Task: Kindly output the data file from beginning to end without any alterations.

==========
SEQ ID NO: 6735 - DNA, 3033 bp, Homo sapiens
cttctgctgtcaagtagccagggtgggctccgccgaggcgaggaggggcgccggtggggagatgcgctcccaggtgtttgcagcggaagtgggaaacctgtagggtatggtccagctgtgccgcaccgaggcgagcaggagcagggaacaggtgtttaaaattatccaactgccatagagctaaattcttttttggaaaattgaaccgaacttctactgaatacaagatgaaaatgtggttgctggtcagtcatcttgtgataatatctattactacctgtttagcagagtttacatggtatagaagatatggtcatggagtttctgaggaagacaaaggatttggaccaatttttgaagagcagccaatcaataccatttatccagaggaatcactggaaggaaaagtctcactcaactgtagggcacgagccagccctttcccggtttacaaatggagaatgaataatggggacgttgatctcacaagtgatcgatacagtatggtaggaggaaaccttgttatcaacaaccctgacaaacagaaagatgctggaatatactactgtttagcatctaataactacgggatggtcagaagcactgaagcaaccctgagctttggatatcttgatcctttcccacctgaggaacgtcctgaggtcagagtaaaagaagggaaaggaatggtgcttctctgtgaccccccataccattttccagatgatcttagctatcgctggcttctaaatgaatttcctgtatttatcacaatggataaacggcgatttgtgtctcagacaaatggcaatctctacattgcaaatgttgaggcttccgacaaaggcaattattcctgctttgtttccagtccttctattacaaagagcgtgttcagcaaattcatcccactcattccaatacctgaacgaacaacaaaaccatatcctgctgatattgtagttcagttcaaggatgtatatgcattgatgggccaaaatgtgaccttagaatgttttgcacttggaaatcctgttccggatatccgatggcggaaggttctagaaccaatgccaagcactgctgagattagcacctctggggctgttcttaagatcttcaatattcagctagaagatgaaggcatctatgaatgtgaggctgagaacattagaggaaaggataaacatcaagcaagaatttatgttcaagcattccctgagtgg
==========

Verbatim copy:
SEQ ID NO: 6735 - DNA, 3033 bp, Homo sapiens
cttctgctgtcaagtagccagggtgggctccgccgaggcgaggaggggcgccggtggggagatgcgctcccaggtgtttgcagcggaagtgggaaacctgtagggtatggtccagctgtgccgcaccgaggcgagcaggagcagggaacaggtgtttaaaattatccaactgccatagagctaaattcttttttggaaaattgaaccgaacttctactgaatacaagatgaaaatgtggttgctggtcagtcatcttgtgataatatctattactacctgtttagcagagtttacatggtatagaagatatggtcatggagtttctgaggaagacaaaggatttggaccaatttttgaagagcagccaatcaataccatttatccagaggaatcactggaaggaaaagtctcactcaactgtagggcacgagccagccctttcccggtttacaaatggagaatgaataatggggacgttgatctcacaagtgatcgatacagtatggtaggaggaaaccttgttatcaacaaccctgacaaacagaaagatgctggaatatactactgtttagcatctaataactacgggatggtcagaagcactgaagcaaccctgagctttggatatcttgatcctttcccacctgaggaacgtcctgaggtcagagtaaaagaagggaaaggaatggtgcttctctgtgaccccccataccattttccagatgatcttagctatcgctggcttctaaatgaatttcctgtatttatcacaatggataaacggcgatttgtgtctcagacaaatggcaatctctacattgcaaatgttgaggcttccgacaaaggcaattattcctgctttgtttccagtccttctattacaaagagcgtgttcagcaaattcatcccactcattccaatacctgaacgaacaacaaaaccatatcctgctgatattgtagttcagttcaaggatgtatatgcattgatgggccaaaatgtgaccttagaatgttttgcacttggaaatcctgttccggatatccgatggcggaaggttctagaaccaatgccaagcactgctgagattagcacctctggggctgttcttaagatcttcaatattcagctagaagatgaaggcatctatgaatgtgaggctgagaacattagaggaaaggataaacatcaagcaagaatttatgttcaagcattccctgagtgg